Cong B. Corrales .
I AM tired of being wary. I am tired of my “new reality” in light of this incessant red tagging. For context to people who don’t realize what it is to be red-tagged, it is being in a virtual hit list but not knowing who will assassinate you. Everyone is a suspect — from the innocuous-looking guy selling candy or ice drop on the streets to the notorious duo riding a motorcycle.
Fortunately, I have had training from the International News Safety Institute. We were trained at the Army’s 4th Infantry Division here. We were the first batch that used “live fire” during the training. We were trained how to react in different scenarios — from abduction to being tailed or to counter surveillance.
No less than an agent of the Intelligence Service of the Armed Forces taught us tips on counterintelligence. He taught us how to “burn” those who are tailing us. I have since shared my training with my family. Looking back, sharing the things I learned from the safety training would prove useful now.
So, when my family and I were tagged in February this year, I gathered them for a huddle to refresh them of the things I shared to them years ago.
Since the first red tagging incident, my “new reality” consisted of me flinching whenever a “motorcycle riding in tandem” whiz by me. Walking the streets or inside the malls, I would maximize every reflective surface to be able to see who has been following me or what people behind me are doing. If there is one particular person who I think has been following me, I would automatically do the “jackrabbit walk” to steer the person off my trail.
But doing this every single day since February is tiring and has taken a toll on my nerves. It angers me that I am constantly afraid when I walk the streets of a city where I was born, grew up, got married, had children, and will most probably die in.
It is disappointing that I do not feel safe anymore in a city I have called home during the last four decades of my life. I am a tax-paying constituent of the city, for crying out loud.
I am disappointed at people who swore to look after my welfare and safety. It does not even help that I’m a director of the oldest press club in the country since it is so busy with some personal problems. Until only over the weekend, city hall has been deafeningly silent on the red tagging of its constituents.
Last Friday night, another local journalist was red-tagged online along with a Davao-based columnist who was abducted at the Laguindingan Airport late last month. A meme red tagging National Union of Journalists in the Philippines’ chapter president here, Pamela Jay Orias, and Margarita Valles was posted on a Facebook group “Quiet No More PH.”
However this time, colleagues were fast in condemning the incident. Taking it a step further, my editor-in-chief, who is also an NUJP long-time member, did a digital forensic work on “Quiet No More.” He traced the post to a military unit that is tasked, ironically, to do “civil relations” work.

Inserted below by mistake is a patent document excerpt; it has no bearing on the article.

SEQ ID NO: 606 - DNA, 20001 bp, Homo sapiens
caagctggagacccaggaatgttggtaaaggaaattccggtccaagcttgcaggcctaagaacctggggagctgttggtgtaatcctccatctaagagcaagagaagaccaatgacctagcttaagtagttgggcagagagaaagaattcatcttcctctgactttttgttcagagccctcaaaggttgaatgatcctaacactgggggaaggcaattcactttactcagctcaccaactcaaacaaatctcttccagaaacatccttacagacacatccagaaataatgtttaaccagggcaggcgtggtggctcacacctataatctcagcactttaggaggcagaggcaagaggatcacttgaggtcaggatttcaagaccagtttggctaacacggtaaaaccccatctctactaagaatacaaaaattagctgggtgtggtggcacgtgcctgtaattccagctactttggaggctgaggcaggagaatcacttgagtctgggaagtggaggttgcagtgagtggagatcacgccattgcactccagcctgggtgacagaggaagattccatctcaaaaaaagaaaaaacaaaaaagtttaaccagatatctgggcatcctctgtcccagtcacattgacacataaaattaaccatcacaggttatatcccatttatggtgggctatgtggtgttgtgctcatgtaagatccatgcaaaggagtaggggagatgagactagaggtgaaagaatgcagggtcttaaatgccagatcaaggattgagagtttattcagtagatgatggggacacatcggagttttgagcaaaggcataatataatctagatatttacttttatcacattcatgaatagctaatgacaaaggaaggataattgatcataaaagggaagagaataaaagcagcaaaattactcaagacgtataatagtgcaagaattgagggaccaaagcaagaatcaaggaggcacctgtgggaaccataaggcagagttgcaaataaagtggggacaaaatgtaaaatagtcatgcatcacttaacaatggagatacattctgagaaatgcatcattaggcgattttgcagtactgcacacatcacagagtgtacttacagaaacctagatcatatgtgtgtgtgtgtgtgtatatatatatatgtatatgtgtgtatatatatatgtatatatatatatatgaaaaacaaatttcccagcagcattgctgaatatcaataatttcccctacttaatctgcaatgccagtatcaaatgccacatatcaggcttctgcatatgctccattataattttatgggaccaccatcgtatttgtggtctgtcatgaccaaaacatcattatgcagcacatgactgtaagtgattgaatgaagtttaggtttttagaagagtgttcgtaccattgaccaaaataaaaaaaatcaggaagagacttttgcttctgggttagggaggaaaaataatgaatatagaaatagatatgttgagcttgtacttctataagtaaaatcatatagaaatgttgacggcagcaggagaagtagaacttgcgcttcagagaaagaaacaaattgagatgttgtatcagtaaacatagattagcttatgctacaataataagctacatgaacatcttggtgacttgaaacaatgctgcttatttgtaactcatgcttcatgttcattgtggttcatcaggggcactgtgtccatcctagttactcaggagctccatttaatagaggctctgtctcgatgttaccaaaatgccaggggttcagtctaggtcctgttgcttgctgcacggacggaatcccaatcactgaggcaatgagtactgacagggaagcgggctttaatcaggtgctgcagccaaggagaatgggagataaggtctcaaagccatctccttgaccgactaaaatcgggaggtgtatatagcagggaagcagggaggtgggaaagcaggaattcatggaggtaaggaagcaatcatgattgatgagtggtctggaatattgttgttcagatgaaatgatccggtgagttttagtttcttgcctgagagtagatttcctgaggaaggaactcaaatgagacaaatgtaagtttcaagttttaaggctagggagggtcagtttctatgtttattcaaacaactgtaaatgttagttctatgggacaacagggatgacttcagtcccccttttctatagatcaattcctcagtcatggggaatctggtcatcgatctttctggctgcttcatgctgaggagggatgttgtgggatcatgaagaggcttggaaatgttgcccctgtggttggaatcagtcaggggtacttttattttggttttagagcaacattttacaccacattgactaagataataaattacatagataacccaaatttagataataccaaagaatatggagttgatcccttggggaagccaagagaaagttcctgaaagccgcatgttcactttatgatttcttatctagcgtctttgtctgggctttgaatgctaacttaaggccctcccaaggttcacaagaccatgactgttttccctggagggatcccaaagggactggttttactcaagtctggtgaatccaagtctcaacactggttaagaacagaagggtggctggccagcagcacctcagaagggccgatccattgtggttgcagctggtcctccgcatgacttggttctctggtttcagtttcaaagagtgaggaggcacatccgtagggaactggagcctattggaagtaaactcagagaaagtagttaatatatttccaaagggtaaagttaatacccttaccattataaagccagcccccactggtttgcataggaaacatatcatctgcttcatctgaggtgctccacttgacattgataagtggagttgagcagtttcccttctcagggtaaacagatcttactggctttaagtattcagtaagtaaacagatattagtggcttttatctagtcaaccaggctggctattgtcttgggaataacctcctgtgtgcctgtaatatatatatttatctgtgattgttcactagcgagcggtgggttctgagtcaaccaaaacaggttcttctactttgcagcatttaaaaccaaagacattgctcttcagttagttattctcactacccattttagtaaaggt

He posted his findings on his wall. Although the findings were circumstantial, apparently, it was enough to push the military agents to take down their red tagging meme by Saturday evening.
Erstwhile Alagar spokesman Surki Sereñas reacted to my post of a screen-captured photo of the red tagging meme that was not “available” anymore, that although it was taken down, the damage has been done. I replied that while it is true that they have already damaged the reputation of the Pam and Manang Ging, we still have the consolation that now we know the people behind the online red tagging. It is a unit of the Army based in Davao City.
On Saturday, members of NUJP’s directorate held an audience with Mayor Oscar Moreno and Vice Mayor Raineir Joaquin Uy to discuss our concerns on the red tagging of local media workers.
I was told that Moreno said he would look into the matter. He also asked for “proof” of the red-tagging incidents in the city. Why would he ask for proof — doesn’t he read the newspaper or listen to the radio? Where has he been living all these years? From his house, does he go to work passing through a portal that leads directly to his office?
To be fair, I know the mayor has a lot on his plate right now. But I don’t believe he lacks resources and logistics to address these life-threatening incidents because aside from being the mayor of the city, he sits as chairman of the Regional Peace and Order Council of Northern Mindanao.
He can just easily get to the bottom of this. Say, easier than what my editor-in-chief did in digging into who is behind the incessant red tagging in the city.
The mayor also chided local reporters for not doing anything when he was a subject of a smear campaign that started months before –and even after — the mid-term polls. Now, this is dumb. Unlike him, we did not run for public office. Being a veteran politician, he should know that smear campaign during election season comes with the territory.
Our task as members of the fourth estate is to advance the right of the people to know the current events of government — for them to reach informed decisions. It is hardly a task that merits red tagging.
Anyway, I find solace in kindred spirits who continue to inspire their colleagues by being with them in times of state repression.
I admit that I am scared out of my wits — I’m on my wit’s end here. But apart from being scared, I will still not be cowed into silence. I will continue with my task to inform the people as accurate as I can.